This far north, the harvest happens late.
Rooks go clattering over the sycamores
whose shadows yawn after them, down to the river.
Uncut wheat staggers under its own weight.
Summer is leaving too, exchanging its gold
for brass and copper. It is not so strange
to feel nostalgia for the present; already
this September evening is as old
as a photograph of itself. The light, the shadows
on the field, are sepia, as if this were
some other evening in September, some other
harvest that went ungathered years ago.
About this poem
This poem was included in Best Scottish Poems 2011. Best Scottish Poems is an online publication, consisting of 20 poems chosen by a different editor each year, with comments by the editor and poets. It provides a personal overview of a year of Scottish poetry. The editor in 2011 was Roddy Lumsden.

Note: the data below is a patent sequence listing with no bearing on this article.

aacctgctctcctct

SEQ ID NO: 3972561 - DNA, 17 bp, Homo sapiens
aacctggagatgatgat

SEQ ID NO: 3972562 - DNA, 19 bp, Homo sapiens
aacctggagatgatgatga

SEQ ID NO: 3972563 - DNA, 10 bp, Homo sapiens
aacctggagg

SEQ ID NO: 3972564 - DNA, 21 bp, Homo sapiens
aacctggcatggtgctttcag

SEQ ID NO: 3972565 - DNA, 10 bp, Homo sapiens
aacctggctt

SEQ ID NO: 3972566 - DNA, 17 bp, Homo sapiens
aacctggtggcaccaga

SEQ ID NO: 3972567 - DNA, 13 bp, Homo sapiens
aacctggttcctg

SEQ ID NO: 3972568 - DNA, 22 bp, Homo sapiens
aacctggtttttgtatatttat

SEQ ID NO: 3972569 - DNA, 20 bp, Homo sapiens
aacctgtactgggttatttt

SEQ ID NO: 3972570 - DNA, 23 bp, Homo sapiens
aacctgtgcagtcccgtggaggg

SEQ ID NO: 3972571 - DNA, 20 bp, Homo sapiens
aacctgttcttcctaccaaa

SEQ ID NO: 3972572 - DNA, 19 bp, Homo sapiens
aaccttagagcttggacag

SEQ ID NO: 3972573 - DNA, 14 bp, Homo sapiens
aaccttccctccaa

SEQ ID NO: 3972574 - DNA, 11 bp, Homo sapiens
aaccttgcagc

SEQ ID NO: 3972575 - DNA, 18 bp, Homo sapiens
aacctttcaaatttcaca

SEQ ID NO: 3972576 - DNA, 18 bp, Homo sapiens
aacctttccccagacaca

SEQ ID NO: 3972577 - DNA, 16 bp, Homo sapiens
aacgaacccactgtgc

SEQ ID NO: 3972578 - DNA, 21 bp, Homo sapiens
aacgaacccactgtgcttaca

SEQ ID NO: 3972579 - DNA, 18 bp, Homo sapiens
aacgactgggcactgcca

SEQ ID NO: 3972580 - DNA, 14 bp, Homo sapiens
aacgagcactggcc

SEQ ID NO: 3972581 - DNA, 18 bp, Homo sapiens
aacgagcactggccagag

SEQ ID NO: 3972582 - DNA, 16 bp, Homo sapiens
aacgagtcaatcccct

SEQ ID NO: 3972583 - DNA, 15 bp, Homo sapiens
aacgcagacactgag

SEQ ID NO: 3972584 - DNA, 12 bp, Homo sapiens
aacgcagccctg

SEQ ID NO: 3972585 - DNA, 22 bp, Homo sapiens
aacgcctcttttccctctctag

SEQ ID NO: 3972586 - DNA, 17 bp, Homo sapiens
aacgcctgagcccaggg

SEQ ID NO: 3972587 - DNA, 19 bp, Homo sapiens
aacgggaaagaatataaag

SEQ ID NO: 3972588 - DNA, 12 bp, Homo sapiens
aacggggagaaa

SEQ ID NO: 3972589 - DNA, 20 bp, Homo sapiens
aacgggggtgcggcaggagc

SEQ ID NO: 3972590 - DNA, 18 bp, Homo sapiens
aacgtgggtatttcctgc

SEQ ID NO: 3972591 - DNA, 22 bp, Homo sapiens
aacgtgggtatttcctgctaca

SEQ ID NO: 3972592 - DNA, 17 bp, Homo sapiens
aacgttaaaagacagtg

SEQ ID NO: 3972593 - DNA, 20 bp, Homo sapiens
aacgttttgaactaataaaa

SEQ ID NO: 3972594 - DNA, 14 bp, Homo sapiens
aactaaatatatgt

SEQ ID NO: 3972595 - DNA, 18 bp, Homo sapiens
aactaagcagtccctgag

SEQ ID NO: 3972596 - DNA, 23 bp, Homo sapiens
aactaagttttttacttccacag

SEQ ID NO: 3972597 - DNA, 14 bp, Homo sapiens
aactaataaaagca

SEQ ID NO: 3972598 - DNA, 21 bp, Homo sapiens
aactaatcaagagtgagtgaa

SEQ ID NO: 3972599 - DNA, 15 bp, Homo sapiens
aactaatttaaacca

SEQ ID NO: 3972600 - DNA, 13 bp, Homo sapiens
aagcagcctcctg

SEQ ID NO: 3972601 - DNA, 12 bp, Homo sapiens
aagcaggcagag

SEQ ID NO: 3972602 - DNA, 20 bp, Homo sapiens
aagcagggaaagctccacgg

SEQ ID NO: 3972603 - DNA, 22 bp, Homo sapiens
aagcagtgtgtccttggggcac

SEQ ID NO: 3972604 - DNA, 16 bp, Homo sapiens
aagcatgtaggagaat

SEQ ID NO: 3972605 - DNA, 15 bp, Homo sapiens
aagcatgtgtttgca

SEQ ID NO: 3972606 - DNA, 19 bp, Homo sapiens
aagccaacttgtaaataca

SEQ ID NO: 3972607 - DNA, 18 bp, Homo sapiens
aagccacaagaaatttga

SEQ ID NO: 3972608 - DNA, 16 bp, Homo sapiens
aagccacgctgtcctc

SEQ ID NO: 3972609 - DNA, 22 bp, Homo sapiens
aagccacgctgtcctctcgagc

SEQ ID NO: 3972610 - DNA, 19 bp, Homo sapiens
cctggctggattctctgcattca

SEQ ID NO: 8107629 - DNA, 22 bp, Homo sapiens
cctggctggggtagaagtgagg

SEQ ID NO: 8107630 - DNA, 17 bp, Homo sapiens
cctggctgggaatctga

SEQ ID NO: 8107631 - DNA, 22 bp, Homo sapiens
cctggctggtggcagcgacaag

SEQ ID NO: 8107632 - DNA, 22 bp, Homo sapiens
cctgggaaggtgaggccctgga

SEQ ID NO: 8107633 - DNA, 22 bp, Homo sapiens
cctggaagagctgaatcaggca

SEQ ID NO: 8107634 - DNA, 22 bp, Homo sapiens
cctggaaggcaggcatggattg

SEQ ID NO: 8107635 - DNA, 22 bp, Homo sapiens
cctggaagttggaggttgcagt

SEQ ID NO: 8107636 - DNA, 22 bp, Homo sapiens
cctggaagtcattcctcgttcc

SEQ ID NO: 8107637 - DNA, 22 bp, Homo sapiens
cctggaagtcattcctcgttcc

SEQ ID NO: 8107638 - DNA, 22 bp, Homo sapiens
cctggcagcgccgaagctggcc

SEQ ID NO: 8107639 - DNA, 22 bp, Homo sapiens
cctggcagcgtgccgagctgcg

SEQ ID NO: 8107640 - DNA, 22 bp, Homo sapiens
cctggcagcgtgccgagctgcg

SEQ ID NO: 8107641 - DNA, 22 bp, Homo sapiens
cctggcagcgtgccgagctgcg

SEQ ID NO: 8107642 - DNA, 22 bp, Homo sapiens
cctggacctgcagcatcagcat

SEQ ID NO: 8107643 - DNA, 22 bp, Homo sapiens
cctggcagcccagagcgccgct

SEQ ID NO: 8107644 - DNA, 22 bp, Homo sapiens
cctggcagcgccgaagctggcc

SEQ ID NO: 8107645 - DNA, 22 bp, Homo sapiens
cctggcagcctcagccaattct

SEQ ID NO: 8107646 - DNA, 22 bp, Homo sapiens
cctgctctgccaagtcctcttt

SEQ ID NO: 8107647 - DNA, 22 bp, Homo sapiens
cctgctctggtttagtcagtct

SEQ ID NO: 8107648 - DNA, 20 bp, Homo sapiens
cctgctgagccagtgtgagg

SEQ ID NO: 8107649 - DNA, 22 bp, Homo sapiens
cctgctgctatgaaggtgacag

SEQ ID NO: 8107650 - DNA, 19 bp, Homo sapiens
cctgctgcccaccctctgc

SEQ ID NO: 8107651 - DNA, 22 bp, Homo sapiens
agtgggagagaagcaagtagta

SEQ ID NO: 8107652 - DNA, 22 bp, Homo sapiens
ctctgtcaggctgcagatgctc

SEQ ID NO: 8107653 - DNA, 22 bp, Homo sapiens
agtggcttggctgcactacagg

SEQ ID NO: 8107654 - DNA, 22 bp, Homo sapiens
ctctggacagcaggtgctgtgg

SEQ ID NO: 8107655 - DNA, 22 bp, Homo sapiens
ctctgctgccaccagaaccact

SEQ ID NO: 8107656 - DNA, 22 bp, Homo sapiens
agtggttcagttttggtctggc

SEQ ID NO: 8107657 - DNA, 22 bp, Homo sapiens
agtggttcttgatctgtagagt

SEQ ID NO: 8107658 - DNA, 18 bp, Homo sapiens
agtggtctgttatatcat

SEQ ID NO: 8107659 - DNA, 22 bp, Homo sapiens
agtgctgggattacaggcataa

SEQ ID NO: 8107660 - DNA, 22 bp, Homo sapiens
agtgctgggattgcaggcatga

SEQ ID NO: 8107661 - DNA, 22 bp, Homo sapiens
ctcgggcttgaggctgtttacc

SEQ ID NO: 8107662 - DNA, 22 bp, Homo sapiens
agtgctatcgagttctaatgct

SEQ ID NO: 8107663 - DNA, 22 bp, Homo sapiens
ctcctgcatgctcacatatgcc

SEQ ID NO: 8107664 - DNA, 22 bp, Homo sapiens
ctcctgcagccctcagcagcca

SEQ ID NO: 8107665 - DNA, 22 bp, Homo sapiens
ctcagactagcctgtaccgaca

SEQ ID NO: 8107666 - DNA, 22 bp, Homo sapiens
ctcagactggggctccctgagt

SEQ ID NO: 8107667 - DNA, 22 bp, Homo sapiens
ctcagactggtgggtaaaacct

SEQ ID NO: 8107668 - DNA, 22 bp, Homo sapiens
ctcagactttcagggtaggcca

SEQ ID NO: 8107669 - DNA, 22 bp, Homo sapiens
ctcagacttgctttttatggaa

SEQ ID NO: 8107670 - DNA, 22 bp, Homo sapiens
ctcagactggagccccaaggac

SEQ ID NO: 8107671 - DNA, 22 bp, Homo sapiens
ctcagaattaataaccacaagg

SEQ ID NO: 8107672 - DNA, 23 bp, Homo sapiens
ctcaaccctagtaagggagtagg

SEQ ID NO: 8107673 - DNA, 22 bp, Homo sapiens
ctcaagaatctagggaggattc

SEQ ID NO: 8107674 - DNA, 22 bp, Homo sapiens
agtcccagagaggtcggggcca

This poem only made it into my selection when I revisited it, looking through my sheaf of possible inclusions. At first, I had felt it might be too slight, too simply descriptive. But, looking again, I found that it was more complex than I recalled, more surprising in its imagery: the bird's yawning shadows, the staggering wheat. At the poem's centre is a statement that happily 'tells' and this is surrounded by a wrap of actuality and then conceit, which makes for an effective short lyric.
Landscape is the ostensible subject-matter for a lot of my work, whether visual art or poetry. For some time I had been wanting to write about that end-of-summer-but-not-quite-autumn time of year. So when my weekly poetry class was given the task of writing something using the passive voice, without the use of the word 'I', the subject was to hand and this poem was ready to be written.